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The Grave's a Fine and Private Place
2018
Availability
Fiction/Biography Profile
Characters
Flavia de Luce (Girl), Student, Precocious, Has older sisters who pick on her; being raised by her father; eavesdropper; able to pick locks; has a fully equipped chemistry lab; obsessed with corpses
Genre
Fiction
Mystery
Suspense
Topics
Sisters
Family relationships
Family tragedy
Travel
Boats
Unidentified bodies
Murder
Murder investigations
Setting
England - Europe
Time Period
1950s -- 20th century
Large Cover Image
Trade Reviews

  Publishers Weekly Review

Set in England in 1952, Agatha-winner Bradley's outstanding ninth Flavia de Luce novel (after 2016's Thrice the Brinded Cat Hath Mew'd) finds 12-year-old Flavia contemplating suicide in the wake of a family tragedy. To relieve the increased tension between Flavia and her two older sisters, Dogger, the de Luce family's long-serving and devoted servant, proposes an extended boat trip on the river. All is uneventful until the skiff nears the site where a notorious poisoner, Canon Whitbread, discarded the chalice he used in his crimes. Flavia's hand, trailing behind the boat, comes into contact with the corpse of the canon's son, Orlando. Unperturbed, Flavia uses her handkerchief to swab liquid from the dead man's lips, and she and Dogger jury-rig a forensic lab to examine the sample. Though disappointed when the evidence shows Orlando was drowned instead of poisoned, Flavia persists with her amateur detecting, even as she runs afoul of the local constable. As usual, Bradley makes his improbable series conceit work and relieves the plot's inherent darkness with clever humor. Agent: Denise Bukowski, Bukowski Agency. (Jan.) © Copyright PWxyz, LLC. All rights reserved.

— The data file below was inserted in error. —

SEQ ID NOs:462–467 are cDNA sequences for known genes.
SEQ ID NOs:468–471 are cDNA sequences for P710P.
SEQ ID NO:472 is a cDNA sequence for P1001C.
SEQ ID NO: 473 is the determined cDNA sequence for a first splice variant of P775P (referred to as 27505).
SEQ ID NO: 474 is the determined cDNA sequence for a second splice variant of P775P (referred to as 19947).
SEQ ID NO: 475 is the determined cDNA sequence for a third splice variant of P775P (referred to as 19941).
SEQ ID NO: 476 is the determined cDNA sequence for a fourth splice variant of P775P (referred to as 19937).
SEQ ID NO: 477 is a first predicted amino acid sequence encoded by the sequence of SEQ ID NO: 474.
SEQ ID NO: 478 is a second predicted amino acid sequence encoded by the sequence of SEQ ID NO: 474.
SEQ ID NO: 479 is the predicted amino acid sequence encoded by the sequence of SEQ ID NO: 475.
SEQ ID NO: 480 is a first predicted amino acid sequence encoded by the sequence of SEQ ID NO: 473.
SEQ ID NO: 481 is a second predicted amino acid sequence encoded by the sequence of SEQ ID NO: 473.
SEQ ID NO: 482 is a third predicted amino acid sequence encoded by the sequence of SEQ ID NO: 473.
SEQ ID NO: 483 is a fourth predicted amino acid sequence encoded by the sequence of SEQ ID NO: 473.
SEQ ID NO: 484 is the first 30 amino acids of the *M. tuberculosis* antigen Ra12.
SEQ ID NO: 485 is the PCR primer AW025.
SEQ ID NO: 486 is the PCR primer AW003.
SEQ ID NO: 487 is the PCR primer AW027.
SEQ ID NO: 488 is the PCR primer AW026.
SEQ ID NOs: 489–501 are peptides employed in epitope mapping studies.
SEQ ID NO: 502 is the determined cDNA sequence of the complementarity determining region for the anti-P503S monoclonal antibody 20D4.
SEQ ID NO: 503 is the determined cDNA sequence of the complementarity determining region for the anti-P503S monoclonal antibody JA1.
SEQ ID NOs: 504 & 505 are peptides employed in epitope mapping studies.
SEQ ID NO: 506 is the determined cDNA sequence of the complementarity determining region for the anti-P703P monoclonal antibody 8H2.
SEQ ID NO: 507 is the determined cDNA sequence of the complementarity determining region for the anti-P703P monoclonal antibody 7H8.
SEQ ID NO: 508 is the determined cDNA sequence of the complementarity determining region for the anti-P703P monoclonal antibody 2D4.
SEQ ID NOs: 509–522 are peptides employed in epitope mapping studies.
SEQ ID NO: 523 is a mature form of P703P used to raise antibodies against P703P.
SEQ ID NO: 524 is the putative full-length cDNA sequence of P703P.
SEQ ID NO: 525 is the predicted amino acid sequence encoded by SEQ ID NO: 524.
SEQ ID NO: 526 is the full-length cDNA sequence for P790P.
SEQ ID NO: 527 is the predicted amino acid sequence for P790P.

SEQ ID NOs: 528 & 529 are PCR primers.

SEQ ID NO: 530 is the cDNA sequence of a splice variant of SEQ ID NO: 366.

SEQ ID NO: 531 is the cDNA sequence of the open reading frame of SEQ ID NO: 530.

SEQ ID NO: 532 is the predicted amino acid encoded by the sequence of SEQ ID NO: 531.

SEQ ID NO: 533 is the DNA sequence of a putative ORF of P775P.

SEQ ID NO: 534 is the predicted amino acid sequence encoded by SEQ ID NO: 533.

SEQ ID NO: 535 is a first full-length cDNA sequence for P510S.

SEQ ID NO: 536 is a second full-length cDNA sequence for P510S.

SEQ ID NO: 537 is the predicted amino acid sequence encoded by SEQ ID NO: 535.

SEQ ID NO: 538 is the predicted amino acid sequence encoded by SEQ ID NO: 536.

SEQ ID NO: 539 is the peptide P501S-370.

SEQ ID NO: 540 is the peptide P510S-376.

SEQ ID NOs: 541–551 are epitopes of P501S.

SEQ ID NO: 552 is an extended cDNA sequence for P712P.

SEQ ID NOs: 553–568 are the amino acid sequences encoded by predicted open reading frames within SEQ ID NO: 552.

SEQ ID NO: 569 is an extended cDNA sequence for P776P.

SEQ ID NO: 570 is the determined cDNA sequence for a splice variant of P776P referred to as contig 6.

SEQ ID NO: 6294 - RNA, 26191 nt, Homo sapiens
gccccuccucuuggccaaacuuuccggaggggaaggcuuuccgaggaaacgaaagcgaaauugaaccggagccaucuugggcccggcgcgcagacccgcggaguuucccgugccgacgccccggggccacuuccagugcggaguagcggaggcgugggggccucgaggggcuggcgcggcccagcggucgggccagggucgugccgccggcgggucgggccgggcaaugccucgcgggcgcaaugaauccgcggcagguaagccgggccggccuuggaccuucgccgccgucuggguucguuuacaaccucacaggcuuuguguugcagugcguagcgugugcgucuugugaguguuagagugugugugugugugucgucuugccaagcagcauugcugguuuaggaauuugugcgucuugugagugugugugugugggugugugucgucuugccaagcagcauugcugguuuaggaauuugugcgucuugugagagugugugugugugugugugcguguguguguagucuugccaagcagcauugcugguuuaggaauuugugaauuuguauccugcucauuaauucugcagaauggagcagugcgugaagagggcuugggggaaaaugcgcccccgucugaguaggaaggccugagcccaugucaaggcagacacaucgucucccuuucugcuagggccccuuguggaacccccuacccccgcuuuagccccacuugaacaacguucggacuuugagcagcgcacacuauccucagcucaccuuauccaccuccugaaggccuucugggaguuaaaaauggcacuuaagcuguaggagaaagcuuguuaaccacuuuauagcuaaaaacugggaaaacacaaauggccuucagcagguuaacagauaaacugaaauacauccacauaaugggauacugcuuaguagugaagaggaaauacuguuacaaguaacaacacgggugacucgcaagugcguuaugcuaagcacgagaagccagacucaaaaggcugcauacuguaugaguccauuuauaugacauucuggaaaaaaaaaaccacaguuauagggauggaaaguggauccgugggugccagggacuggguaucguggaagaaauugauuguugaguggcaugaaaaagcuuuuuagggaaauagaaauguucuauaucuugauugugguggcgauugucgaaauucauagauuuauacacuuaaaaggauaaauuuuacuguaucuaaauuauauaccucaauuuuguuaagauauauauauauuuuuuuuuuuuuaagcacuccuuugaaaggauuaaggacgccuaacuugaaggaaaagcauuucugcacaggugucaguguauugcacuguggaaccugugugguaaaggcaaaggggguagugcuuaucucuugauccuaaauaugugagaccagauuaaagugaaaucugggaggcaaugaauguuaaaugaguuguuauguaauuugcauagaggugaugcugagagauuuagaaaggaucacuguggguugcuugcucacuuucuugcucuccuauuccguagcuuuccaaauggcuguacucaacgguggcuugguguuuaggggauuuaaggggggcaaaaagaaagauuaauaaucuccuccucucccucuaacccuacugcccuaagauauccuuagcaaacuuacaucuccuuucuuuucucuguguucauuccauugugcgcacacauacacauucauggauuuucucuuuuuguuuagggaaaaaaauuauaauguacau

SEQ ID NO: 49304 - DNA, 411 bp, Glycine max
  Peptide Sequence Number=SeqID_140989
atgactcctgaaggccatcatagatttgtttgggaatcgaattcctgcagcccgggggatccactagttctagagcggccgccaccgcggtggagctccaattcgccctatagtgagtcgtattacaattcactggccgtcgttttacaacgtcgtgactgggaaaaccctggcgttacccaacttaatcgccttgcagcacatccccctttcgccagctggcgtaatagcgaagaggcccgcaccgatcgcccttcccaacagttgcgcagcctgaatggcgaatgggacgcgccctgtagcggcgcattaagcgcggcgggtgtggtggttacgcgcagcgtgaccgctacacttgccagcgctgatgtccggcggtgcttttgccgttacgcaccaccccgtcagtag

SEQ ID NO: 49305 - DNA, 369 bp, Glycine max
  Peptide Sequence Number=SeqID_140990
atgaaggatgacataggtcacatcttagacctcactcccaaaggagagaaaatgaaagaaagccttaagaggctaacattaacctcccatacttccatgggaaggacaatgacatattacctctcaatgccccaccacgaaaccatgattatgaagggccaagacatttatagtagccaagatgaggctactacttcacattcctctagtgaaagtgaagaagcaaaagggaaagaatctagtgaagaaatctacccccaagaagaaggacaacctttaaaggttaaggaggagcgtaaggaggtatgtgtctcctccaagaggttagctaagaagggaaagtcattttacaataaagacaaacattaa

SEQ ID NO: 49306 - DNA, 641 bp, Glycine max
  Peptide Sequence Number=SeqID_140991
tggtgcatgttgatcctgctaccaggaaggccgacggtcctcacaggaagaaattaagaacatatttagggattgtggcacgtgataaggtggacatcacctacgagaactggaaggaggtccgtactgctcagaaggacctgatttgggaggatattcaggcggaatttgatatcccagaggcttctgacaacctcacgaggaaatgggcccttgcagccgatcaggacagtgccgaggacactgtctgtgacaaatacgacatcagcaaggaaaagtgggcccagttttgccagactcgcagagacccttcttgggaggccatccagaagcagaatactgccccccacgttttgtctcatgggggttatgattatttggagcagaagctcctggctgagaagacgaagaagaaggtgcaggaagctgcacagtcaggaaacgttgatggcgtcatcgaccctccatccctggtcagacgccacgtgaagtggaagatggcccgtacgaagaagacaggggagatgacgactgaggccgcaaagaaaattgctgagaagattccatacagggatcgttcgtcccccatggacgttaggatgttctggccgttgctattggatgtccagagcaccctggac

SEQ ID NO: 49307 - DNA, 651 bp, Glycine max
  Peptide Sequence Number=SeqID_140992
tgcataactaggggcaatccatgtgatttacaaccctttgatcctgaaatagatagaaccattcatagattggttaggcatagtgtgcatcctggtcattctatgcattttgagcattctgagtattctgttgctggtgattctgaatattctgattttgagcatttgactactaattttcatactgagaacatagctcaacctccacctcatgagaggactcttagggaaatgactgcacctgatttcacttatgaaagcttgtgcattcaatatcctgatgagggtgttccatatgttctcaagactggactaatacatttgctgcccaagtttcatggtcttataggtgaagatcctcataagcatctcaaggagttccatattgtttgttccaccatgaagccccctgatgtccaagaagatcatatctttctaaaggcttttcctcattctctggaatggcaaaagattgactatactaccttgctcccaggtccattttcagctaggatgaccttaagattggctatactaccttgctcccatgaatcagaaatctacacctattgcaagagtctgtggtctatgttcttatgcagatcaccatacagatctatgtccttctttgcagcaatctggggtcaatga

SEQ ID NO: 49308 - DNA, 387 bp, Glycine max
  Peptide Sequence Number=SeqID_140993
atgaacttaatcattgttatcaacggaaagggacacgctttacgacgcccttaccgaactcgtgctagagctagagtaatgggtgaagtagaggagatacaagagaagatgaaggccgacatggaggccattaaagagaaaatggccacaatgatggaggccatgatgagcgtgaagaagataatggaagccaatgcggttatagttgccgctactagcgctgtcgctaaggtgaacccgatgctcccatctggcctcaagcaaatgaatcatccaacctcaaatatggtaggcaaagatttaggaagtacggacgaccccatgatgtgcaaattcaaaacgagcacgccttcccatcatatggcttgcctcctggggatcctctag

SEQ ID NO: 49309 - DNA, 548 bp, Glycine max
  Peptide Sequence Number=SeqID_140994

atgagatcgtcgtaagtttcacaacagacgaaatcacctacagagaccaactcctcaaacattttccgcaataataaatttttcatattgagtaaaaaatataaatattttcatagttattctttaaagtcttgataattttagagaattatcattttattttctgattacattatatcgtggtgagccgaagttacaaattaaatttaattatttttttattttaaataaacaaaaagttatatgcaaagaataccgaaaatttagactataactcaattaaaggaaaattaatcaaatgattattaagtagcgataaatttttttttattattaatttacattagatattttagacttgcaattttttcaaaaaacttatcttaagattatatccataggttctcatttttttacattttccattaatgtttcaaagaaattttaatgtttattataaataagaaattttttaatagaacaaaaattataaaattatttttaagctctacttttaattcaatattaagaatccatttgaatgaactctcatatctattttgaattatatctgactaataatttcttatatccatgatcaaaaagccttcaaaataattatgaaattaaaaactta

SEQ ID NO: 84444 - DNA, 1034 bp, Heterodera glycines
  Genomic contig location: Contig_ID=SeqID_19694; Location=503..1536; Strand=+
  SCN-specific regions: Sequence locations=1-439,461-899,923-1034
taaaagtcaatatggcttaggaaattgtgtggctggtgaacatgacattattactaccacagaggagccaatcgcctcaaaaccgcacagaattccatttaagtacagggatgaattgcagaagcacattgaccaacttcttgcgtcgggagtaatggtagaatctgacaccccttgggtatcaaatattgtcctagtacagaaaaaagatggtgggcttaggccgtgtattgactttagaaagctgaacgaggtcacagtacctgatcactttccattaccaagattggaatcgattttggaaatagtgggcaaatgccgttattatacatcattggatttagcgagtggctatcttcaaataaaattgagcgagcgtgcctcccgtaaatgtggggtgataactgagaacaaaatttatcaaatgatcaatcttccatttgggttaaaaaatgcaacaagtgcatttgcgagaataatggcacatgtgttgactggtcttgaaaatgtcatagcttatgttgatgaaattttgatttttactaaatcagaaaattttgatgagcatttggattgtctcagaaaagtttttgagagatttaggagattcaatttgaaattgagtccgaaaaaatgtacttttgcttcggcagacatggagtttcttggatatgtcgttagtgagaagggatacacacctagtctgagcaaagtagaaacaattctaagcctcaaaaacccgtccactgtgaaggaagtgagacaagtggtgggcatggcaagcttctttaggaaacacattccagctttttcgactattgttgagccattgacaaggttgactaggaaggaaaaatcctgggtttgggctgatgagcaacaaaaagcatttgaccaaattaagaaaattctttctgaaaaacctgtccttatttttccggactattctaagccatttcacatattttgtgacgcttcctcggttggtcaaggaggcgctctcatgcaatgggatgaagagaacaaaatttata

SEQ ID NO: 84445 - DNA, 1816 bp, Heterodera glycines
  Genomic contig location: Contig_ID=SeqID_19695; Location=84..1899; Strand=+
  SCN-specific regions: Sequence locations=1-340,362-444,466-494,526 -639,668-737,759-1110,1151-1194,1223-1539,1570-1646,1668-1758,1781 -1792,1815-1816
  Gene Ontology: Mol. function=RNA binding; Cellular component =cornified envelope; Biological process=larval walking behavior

Summary
NEW YORK TIMES BESTSELLER * "The world's greatest adolescent British chemist/busybody/sleuth" ( The Seattle Times ), Flavia de Luce, returns in a twisty new mystery novel from award-winning author Alan Bradley. <br> <br> In the wake of an unthinkable family tragedy, twelve-year-old Flavia de Luce is struggling to fill her empty days. For a needed escape, Dogger, the loyal family servant, suggests a boating trip for Flavia and her two older sisters. As their punt drifts past the church where a notorious vicar had recently dispatched three of his female parishioners by spiking their communion wine with cyanide, Flavia, an expert chemist with a passion for poisons, is ecstatic. Suddenly something grazes her fingers as she dangles them in the water. She clamps down on the object, imagining herself Ernest Hemingway battling a marlin, and pulls up what she expects will be a giant fish. But in Flavia's grip is something far better: a human head, attached to a human body. If anything could take Flavia's mind off sorrow, it is solving a murder--although one that may lead the young sleuth to an early grave.<br> <br> Praise for The Grave's a Fine and Private Place <br> <br> "Outstanding . . . As usual, Bradley makes his improbable series conceit work and relieves the plot's inherent darkness with clever humor." -- Publishers Weekly (starred review) <br> <br> "There's only one Flavia. . . . Series fans will anticipate the details of this investigation, along with one last taste of Flavia's unorthodox family life." -- Library Journal (starred review) <br> <br> "Bradley's unquenchable heroine brings 'the most complicated case I had ever come across' to a highly satisfying conclusion, with the promise of still brighter days ahead." -- Kirkus Reviews
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